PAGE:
For the first time, researchers at Fred Hutchinson Cancer Research Center have identified and isolated adult mammary stem cells in mice.
Long-term implications of this research may include the use of such cells to regenerate breast tissue, provide a better understanding of the role of adult stem cells in breast cancer development, and develop potential new targets for anti-cancer drugs.
The findings, by Larry Rohrschneider, Ph.D., a member of the Basic Sciences Division at the Hutchinson Center, and Lixia Bai, M.D., Ph.D., a research associate in his lab, are published in the Sept. 1 issue of Genes & Development.
Using a genetically modified mouse model, the researchers tagged stem cells with green fluorescent protein (GFP), which exhibits bright green fluorescence during gene expression and can be easily seen under a microscope. GFP expression is controlled by the promoter of a newly identified gene, specifically expressed in stem cells, called s-SHIP.
“Until now, we have not been able to identify stem cells in mammary tissue. They have never been detected before with such specificity. It is extraordinary. You can see these green stem cells under the microscope in their pure, natural state,” said Rohrschneider, who has filed a patent on the s-SHIP promoter-GFP-labeling technology.
Previous systems for isolating stem cells have relied on a variety of biomarkers, none of which have yielded a pure stem cell population. This limitation has prohibited accurate gene-expression analysis of such cells.
The researchers demonstrated the presence of active green stem cells at crucial stages of mammary development, such as puberty and pregnancy. During quiescent stages of development, however, the cells did not "light up."
Such stem cells represent a new alternative to induced pluripotent stem cells, or genetically altered stem cells, for various medical applications.
For example, by isolating the pure green mammary cells from donor female transgenic mice, the researchers have demonstrated the regenerative ability of these cells by transplanting them into the mammary fat tissue of recipient mice whose own mammary epithelium has been removed.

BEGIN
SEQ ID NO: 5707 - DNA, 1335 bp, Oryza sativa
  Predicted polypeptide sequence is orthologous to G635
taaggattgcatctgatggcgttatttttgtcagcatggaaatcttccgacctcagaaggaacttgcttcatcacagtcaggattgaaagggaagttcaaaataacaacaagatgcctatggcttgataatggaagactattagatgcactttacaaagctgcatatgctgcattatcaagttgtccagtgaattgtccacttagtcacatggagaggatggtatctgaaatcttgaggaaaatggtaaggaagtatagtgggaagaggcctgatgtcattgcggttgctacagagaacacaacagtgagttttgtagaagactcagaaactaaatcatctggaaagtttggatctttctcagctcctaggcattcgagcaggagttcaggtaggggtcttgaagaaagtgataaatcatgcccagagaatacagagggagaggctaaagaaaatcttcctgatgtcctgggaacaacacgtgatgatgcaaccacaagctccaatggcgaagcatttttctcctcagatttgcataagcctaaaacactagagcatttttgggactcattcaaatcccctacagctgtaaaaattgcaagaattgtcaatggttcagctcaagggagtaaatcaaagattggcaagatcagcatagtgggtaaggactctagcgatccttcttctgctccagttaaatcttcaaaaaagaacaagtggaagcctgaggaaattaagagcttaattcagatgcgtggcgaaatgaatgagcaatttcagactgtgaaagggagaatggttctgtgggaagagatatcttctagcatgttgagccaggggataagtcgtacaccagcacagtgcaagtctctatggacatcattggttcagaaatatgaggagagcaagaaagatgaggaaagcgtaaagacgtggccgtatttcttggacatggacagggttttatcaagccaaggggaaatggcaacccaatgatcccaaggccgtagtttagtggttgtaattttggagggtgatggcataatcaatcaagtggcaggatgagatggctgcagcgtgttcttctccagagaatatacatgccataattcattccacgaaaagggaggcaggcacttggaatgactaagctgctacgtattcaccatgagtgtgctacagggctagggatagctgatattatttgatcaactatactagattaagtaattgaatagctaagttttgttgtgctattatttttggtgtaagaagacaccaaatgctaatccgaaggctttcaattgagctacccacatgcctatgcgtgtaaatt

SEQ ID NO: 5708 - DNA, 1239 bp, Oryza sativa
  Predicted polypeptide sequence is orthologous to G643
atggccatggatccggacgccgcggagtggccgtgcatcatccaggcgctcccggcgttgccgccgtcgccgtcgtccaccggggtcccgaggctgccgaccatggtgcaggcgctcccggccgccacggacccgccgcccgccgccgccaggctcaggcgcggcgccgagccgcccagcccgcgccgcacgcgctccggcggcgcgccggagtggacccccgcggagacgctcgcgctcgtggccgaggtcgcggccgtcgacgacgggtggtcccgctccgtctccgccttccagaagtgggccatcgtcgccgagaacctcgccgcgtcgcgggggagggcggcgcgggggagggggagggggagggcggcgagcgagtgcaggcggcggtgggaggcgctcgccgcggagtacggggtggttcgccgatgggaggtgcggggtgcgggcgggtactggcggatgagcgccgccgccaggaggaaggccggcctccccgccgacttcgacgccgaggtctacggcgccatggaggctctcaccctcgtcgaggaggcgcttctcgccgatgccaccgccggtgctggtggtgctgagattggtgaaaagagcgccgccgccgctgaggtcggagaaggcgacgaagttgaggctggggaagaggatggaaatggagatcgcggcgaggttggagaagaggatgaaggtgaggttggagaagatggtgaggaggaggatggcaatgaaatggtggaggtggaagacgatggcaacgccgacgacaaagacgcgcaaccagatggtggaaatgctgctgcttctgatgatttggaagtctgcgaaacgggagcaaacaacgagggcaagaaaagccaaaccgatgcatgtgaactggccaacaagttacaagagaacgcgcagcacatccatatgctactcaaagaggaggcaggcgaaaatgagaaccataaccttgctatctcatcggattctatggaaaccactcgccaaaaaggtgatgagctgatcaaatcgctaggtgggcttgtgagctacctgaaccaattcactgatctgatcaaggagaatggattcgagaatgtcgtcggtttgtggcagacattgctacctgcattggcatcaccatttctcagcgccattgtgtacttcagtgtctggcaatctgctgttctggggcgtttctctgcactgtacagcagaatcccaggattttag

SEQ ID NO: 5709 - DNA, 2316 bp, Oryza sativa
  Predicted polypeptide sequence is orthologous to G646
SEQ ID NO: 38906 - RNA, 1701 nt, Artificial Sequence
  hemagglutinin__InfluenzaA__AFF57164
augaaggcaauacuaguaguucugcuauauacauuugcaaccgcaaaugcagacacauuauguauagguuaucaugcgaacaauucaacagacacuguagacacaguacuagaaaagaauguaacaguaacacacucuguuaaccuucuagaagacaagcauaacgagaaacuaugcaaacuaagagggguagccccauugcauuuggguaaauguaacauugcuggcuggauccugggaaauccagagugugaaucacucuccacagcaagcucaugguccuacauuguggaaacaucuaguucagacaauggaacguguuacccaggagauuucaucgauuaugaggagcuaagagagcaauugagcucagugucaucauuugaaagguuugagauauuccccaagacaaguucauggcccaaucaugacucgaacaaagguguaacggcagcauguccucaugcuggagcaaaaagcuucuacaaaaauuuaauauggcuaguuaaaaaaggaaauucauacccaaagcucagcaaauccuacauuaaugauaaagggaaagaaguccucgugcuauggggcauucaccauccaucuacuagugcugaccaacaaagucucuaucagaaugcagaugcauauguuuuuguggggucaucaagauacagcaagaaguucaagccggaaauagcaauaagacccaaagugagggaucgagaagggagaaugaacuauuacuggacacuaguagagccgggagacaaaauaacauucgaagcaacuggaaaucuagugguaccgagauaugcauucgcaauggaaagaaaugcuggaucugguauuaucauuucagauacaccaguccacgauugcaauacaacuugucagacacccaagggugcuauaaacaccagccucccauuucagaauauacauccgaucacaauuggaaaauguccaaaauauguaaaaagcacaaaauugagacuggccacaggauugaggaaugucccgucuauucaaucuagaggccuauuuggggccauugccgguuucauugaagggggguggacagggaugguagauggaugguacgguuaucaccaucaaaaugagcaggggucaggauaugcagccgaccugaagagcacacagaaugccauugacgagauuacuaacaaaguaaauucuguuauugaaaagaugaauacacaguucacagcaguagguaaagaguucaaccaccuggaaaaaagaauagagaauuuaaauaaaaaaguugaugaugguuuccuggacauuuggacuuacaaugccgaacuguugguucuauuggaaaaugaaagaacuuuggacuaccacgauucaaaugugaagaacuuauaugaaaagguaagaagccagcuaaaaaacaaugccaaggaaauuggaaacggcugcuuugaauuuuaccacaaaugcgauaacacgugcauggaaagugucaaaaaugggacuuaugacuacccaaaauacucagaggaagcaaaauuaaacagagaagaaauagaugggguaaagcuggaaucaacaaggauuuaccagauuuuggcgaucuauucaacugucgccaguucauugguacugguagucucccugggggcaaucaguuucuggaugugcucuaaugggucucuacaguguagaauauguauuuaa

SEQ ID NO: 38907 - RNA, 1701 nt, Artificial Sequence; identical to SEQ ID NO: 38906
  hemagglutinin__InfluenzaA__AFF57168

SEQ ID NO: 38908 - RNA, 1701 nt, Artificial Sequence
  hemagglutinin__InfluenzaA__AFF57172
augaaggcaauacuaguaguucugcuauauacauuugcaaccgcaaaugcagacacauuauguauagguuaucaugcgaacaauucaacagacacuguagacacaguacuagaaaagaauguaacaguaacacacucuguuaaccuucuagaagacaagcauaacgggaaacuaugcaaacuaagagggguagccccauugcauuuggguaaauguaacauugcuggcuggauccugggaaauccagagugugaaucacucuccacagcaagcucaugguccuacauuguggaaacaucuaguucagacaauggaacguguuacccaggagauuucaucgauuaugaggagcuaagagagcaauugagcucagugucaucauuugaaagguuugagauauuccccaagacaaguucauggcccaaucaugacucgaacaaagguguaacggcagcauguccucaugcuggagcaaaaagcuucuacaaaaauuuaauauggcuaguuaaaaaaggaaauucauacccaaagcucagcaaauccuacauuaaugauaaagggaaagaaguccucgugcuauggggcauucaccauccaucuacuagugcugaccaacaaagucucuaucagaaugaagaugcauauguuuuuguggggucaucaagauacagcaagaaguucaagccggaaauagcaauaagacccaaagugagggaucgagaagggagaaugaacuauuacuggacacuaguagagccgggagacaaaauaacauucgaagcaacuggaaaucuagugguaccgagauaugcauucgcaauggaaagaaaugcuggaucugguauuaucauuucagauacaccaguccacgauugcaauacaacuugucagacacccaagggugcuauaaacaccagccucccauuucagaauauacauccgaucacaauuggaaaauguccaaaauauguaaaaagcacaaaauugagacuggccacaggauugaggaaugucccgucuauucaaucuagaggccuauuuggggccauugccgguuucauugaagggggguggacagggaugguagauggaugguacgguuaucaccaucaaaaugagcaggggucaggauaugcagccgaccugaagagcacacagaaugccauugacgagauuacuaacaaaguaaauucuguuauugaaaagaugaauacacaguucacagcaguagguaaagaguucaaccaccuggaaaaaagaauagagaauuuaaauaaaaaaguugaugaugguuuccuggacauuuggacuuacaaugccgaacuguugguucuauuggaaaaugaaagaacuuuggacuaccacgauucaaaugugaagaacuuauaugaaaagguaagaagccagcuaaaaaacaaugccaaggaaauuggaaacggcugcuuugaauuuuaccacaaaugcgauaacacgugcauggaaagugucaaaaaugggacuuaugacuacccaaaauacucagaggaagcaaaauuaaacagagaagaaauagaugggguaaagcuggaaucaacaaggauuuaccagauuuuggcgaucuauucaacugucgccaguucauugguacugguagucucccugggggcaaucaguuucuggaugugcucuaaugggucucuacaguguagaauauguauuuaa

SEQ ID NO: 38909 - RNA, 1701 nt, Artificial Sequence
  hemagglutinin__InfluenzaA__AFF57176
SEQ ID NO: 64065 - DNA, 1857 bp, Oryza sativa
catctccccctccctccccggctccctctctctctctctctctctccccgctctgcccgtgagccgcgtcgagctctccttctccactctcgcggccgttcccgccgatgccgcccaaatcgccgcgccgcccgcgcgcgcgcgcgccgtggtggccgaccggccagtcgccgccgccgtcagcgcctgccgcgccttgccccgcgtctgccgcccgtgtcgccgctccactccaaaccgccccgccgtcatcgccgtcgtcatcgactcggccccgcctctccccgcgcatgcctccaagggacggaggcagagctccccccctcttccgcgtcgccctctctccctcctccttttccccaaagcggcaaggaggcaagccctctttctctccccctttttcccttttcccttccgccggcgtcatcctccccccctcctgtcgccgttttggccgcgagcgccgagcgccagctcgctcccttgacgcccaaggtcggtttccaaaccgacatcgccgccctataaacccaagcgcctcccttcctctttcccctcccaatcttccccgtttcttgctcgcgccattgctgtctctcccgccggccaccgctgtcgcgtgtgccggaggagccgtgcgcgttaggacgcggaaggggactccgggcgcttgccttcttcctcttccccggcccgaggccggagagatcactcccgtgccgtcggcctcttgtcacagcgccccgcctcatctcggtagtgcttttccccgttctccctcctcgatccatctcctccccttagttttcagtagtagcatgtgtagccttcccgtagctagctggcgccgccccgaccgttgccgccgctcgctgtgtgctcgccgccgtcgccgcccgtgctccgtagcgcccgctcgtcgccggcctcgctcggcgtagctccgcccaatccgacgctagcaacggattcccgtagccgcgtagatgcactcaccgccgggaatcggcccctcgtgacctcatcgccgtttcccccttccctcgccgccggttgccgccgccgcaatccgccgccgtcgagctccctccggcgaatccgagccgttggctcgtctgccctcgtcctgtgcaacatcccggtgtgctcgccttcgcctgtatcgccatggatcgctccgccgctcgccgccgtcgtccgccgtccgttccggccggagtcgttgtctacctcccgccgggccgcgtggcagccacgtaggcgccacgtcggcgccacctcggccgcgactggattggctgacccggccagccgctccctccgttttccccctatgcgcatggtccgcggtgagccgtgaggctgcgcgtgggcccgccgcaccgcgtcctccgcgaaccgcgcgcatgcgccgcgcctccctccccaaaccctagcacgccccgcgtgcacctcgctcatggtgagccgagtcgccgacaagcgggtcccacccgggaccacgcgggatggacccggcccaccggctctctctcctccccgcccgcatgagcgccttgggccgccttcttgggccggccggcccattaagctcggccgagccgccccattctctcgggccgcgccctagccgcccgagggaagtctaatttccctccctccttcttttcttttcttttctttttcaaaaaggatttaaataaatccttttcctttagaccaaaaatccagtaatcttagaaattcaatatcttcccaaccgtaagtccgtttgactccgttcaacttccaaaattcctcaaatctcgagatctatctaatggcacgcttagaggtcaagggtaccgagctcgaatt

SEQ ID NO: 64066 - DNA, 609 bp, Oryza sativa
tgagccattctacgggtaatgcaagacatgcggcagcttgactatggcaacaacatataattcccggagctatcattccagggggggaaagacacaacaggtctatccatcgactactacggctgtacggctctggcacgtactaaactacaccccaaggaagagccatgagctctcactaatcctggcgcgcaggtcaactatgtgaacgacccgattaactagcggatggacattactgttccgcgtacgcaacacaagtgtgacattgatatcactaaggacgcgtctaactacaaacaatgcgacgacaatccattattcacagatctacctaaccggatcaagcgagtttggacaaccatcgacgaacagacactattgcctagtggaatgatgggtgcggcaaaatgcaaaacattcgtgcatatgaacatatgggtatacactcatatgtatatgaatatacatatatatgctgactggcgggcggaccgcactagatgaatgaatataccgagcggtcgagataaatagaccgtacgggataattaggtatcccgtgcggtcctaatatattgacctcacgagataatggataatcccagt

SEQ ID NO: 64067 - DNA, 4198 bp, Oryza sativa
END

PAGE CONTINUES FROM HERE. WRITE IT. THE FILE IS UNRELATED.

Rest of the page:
"We have found that those transplanted green stem cells can generate new mammary tissue and this tissue can produce milk, just like normal mammary epithelial cells," said co-author Bai. "Identification of the exact stem cell and its location is the first critical and fundamental step toward understanding the regulatory mechanisms of these important cells."
In addition to potential clinical applications regarding tissue regeneration, the researchers see these isolated stem cells as a window to better understanding how normal stem cells can become cancer stem cells, which are hypothesized to exist in tumors.
"Our belief right now is that perhaps the most aggressive tumors may be coming from the malignant transformation of stem cells in healthy tissue," Rohrschneider said. "This new technology offers a unified model for identifying normal and cancer stem cells."
Cancer stem cells are thought to be responsible for tumor initiation, growth, metastasis, therapy resistance and disease relapse.
"Because stem cells are critical for both normal tissue development and cancer development, exploring how they are regulated in normal development will help us to better understand how they are transformed into breast cancer cells," Bai said. "By searching for new methods to effectively and specifically target cancer stem cells, we hope we can cure breast cancer someday." she said.